There’s nothing like attending a conference: Sweat-stained shirts, brown bag lunches premade months earlier, bad sleep decisions … what’s not to like? Still, it’s hard to put a value on the conversations, the chance meetings, the relationships forged, and in the coronavirus world we live in, their absence has hit the tech world especially hard. No SXSW is one thing. But no E3? Are you kidding me?
Into that void stepped Collision From Home, which kicked off Tuesday not with a whimper but with an explosion: 634 speakers, five channels of programming, people from 140 countries. Thirty-two thousand attendees, the company noted in a blog post revealing the stats behind the show. That’s shocking, for a virtual event during the time of quarantine.
Those speakers are also wonderfully diverse and intelligent: A who’s who of the technology world. I watched Dawn Ostroff, Spotify’s chief content officer, talk about the upcoming Joe Rogan show — and plans for new ad formats on Spotify. I joined a press conference with Google’s Sustainability Officer, Kate Brandt, who discussed progress making data centers more efficient and uses for data in the time of coronavirus. Last year’s physical show was remarkable for its diversity, I wrote at the time. The online event has maintained that, with 45.2% female attendees. In a word, it’s astonishing.
So where did it come from? Ahead of the show, I speculated about the future of virtual tech conferences, on the heels of the Microsoft Build event, which was held largely through Teams. I asked Paddy Cosgrave, the founder of Collision and its big brother Web Summit, what he hoped to get out of taking a successful event from Toronto to the Net.
“You can’t replicate what’s happening in the offline world,” Cosgrave told me. “Spotify reinvented consuming music online, but they didn’t replicate a music store experience. They’ve created an entirely new way to consume music in a pretty satisfying way. So when it comes to conferences, to maximize meaningful connections is not about replicating every feature like meeting booths or roundtables we have at the physical events. We’re reimagining what a conference is online.”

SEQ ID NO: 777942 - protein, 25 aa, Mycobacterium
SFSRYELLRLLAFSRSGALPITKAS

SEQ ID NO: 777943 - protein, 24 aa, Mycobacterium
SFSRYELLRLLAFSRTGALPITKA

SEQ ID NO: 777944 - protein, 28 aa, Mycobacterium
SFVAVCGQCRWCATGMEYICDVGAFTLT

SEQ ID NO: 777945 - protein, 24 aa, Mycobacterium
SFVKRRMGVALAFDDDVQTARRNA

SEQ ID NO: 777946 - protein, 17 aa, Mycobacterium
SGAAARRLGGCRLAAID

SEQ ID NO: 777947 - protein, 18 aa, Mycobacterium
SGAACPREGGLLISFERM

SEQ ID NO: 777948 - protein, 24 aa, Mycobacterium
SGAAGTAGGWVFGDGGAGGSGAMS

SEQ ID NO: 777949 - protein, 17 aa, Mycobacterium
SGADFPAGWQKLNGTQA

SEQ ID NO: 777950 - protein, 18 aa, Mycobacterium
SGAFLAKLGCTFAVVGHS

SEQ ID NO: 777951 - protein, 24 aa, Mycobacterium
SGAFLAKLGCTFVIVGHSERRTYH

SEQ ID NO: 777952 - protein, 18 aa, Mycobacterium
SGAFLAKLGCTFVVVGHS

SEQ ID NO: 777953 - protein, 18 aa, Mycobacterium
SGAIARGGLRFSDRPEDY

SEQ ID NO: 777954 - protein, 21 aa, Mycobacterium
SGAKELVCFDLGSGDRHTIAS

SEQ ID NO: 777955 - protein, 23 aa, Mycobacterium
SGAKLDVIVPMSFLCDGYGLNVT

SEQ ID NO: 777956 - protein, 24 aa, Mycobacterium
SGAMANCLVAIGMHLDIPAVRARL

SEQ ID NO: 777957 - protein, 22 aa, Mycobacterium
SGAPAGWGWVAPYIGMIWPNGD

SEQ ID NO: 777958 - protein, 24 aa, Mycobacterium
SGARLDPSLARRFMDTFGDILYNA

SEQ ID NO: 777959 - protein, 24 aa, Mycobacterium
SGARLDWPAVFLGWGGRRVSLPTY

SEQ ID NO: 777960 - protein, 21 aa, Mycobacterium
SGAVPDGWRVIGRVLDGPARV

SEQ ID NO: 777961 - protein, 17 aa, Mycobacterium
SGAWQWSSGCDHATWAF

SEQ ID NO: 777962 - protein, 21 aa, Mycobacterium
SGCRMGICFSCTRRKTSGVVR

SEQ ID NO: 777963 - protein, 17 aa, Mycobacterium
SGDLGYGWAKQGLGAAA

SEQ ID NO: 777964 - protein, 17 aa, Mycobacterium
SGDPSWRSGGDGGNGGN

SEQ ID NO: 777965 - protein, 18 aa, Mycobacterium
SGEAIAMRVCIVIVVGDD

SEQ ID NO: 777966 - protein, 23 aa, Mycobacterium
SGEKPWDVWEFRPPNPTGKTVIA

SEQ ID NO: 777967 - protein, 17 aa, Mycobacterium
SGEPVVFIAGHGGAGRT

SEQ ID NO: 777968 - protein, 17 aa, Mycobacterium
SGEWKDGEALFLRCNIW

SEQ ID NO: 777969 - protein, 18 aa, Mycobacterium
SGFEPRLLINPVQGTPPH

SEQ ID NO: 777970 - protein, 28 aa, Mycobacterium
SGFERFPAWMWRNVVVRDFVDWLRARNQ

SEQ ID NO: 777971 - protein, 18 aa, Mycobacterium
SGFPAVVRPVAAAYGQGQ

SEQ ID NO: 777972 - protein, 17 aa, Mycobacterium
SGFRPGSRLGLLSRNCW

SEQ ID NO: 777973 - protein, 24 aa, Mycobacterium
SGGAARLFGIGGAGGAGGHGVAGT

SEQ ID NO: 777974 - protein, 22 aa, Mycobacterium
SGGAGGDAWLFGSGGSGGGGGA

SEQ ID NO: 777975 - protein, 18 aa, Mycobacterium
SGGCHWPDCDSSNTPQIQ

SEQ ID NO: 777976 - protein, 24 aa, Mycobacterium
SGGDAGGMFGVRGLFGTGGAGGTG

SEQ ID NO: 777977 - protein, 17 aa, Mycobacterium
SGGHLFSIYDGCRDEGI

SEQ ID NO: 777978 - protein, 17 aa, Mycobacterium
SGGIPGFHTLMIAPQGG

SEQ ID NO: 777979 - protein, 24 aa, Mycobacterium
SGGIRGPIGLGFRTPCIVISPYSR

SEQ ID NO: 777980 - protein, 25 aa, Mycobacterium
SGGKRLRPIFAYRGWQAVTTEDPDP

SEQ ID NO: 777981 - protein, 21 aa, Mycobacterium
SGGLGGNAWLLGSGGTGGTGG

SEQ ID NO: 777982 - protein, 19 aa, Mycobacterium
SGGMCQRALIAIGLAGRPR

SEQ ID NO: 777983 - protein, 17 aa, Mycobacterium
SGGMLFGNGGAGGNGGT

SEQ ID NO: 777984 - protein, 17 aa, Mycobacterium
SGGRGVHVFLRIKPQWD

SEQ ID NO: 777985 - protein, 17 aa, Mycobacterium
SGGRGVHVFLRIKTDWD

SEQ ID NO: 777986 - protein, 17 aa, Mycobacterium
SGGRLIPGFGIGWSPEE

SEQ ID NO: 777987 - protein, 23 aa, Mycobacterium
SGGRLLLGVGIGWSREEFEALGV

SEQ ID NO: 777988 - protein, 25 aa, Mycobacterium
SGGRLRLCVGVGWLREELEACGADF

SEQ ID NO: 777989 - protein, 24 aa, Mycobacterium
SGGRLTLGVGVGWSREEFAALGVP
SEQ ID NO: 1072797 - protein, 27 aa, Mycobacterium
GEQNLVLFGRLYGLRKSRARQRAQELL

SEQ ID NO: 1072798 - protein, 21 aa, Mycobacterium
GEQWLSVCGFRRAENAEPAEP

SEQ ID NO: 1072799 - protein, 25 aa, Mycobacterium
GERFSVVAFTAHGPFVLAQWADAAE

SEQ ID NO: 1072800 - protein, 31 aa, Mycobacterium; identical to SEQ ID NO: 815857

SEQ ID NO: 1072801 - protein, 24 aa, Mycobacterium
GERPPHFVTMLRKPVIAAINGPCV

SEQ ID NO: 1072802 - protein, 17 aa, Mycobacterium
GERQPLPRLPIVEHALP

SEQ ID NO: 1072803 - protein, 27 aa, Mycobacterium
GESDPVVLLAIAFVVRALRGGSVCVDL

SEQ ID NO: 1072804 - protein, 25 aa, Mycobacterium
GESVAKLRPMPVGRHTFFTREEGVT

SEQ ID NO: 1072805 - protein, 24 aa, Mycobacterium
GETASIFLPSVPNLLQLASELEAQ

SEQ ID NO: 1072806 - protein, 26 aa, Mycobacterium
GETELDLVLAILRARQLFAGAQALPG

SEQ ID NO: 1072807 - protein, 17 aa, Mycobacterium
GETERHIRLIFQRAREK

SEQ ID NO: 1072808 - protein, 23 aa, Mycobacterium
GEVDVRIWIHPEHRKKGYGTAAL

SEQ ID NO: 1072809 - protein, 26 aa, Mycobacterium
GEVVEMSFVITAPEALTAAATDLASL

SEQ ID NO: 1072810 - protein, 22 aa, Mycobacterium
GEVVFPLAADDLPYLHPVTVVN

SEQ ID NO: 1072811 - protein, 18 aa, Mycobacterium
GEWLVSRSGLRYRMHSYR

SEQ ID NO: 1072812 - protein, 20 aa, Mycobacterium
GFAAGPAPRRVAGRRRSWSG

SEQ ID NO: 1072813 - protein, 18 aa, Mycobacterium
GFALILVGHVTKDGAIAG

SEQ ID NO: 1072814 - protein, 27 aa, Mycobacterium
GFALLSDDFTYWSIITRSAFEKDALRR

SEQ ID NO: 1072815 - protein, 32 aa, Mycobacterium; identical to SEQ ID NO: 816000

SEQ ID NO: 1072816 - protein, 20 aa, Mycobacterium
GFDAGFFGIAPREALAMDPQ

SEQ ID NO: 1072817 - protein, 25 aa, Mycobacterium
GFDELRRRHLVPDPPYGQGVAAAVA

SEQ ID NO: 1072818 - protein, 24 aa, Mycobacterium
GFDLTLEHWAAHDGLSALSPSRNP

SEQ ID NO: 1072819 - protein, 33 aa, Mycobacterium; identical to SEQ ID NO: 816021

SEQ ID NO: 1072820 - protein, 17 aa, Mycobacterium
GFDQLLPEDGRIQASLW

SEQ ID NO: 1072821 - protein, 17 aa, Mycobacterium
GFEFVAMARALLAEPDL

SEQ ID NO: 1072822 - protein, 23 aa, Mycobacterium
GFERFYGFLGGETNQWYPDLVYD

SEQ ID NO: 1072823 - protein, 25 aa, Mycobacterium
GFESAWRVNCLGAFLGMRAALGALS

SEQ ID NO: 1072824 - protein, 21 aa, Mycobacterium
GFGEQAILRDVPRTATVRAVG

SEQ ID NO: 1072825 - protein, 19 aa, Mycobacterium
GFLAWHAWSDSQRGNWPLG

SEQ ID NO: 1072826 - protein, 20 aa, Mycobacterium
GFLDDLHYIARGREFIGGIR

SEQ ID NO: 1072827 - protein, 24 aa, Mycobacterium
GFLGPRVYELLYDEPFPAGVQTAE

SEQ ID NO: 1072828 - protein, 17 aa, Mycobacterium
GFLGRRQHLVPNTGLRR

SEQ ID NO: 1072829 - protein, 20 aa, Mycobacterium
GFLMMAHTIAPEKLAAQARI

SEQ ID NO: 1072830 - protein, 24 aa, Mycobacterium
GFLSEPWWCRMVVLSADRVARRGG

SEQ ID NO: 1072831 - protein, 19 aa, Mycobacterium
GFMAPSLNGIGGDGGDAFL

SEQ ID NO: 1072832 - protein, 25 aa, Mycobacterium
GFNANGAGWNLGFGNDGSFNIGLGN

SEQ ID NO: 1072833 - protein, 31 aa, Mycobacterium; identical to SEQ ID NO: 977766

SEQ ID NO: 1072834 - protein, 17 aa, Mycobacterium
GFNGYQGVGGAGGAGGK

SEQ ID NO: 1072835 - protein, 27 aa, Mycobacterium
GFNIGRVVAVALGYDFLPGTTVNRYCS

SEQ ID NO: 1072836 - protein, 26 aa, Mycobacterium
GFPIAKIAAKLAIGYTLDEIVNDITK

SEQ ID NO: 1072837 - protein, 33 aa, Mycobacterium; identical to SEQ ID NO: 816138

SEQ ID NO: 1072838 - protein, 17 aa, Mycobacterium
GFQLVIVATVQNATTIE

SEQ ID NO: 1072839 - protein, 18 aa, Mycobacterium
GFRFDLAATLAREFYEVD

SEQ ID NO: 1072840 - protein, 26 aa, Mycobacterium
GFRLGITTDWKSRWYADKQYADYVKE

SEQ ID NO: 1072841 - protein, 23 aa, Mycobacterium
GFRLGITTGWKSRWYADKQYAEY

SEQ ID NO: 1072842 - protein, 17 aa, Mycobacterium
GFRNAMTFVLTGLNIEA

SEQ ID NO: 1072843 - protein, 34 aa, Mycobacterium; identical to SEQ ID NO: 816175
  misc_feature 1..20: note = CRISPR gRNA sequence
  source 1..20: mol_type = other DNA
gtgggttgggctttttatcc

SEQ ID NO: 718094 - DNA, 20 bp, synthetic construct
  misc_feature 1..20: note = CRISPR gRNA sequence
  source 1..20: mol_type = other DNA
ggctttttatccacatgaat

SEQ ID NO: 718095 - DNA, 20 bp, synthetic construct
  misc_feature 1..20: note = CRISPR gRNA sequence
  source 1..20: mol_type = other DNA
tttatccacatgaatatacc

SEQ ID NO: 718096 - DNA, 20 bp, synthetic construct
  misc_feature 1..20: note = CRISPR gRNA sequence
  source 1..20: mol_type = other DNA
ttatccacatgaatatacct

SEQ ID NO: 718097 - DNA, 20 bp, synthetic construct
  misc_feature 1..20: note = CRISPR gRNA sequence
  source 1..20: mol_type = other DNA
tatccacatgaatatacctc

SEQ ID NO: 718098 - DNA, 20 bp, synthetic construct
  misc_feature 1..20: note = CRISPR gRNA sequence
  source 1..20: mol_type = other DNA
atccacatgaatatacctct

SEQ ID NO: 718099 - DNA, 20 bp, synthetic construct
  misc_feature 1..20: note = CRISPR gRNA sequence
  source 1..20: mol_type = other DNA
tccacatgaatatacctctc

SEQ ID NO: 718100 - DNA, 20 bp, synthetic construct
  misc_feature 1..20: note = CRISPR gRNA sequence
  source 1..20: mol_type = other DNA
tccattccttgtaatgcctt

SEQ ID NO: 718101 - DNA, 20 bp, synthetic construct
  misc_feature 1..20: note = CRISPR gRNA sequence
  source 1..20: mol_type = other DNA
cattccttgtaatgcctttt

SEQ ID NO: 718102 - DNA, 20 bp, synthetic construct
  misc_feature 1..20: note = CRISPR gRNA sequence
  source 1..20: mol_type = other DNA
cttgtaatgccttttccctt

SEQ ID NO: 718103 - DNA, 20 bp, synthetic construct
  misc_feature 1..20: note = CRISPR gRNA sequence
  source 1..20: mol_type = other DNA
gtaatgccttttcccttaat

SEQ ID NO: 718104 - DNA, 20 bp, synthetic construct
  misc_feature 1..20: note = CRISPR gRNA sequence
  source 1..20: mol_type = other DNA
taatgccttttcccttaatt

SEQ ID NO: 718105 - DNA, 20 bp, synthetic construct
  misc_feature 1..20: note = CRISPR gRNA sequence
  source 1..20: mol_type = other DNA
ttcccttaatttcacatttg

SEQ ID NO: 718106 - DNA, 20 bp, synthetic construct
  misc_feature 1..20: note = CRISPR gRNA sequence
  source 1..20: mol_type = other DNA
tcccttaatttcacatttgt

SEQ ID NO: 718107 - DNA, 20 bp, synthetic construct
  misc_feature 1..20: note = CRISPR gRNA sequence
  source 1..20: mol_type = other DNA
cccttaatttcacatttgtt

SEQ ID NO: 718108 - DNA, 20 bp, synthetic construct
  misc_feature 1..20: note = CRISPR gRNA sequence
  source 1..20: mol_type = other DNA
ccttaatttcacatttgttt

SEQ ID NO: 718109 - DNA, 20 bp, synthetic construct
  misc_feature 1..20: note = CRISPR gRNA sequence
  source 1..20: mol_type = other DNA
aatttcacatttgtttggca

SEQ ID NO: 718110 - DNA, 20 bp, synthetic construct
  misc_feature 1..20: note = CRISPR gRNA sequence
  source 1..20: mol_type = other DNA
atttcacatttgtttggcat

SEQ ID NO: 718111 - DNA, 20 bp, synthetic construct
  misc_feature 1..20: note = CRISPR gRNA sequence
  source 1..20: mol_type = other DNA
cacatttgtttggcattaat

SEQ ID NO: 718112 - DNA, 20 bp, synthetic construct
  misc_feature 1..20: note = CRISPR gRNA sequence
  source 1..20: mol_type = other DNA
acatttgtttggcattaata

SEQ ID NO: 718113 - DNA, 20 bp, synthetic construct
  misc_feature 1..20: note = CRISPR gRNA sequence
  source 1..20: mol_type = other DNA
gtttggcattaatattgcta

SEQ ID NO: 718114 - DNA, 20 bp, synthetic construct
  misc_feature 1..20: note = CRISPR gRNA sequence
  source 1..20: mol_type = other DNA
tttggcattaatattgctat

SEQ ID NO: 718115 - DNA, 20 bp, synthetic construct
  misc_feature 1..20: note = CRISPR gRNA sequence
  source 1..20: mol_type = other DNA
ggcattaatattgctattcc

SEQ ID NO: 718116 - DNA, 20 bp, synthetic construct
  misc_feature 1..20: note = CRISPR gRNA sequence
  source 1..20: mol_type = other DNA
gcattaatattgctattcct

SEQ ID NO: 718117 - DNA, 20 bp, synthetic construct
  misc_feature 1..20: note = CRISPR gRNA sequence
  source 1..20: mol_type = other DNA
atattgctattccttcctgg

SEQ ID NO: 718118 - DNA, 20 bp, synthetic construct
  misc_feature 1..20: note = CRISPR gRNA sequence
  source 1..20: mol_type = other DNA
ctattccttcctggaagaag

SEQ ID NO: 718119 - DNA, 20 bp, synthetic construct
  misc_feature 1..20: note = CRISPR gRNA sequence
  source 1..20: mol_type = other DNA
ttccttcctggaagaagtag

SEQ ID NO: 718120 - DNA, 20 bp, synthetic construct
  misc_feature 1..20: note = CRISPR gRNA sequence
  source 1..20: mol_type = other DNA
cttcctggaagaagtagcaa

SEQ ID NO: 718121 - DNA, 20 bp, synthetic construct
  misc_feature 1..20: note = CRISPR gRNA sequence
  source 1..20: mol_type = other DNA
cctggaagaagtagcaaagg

Did they ever! In what must have been record time, his engineering team built a fully-realized platform, designed to be a two-screen event, where your laptop or desktop is a window into panel discussions and fireside chat, and the app on your phone acts as your guide, with a schedule, chat features, and so on.
Sure, there were hiccups getting started. Along with several people I know, I spent an hour struggling to log on, greeted by 500 Server Error messages. It’s hard to host a brand-new platform for 32,000 people. Cut them some slack. When it finally loaded, I was amazed. Some features weren’t working perfectly, and others are yet to prove themselves to me, notably the ability to interact.
“In a disconnected world, everyone wants to connect but it’s really hard to meet new people,” Cosgrave explained ahead of the event. “We’ve spent more than half a decade building software to network virtually at our events and connect in advance. Much of those same tools for Collision from Home will be fully at play from the end of June.”
I didn’t really believe him at the time. Many people think virtual events should look and act like some AOL chat room from the 90s. And even Cosgrave noted that, while the goal may be meaningful connections, it’s difficult to do virtually. “Software is very powerful but I don’t think any amount of software will replace the magic of true face to face contact.”
There’s another plus to a virtual event as well: It’s cheaper. It’s cheaper to attend, cheaper to throw, cheaper to expand, notably for start-ups.
“The most expensive part of going to conferences for startups is not the ticket but the travel and the accommodation. For bootstrapped startups that can be about a four-week runway,” Cosgrave told me. “For startups, this now provides an opportunity to connect with people that can have a serious impact on their business that doesn’t cost them the many thousands of dollars that traditionally attendance at a conference did cost.”
This seems like a particularly important point for an event like CES, which has for years billed itself as “the most influential startup event on the planet.” Eureka Park, a zone at CES designed for startups, hosts well over a thousand new companies with brilliant new ideas every year. Sure, CES has helped many of them get off the ground. The show claims to have led to $1.5 billion in funding for startups over the last 8 years. But countless others must have sputtered and failed, after sinking an enormous amount of money into traveling to Vegas. Virtual might actually be better.
In a morning tweet before Day 2 of Collision From Home kicked off, Cosgrave said that he hoped “to open our online conference platform to third parties who in particular, like us, organize large, bespoke events.”
CES, are you listening?
- Fortnite’s Super Bowl LV event is a sobering reminder of gaming’s social limits
- The best part of CES is missing this year, but there’s a silver lining
- Through endurance, we conquer: Why I’m going to miss an in-person CES this year
- 5 reasons why virtual CES will be dramatically better than real-life CES
- The best Android apps (February 2021)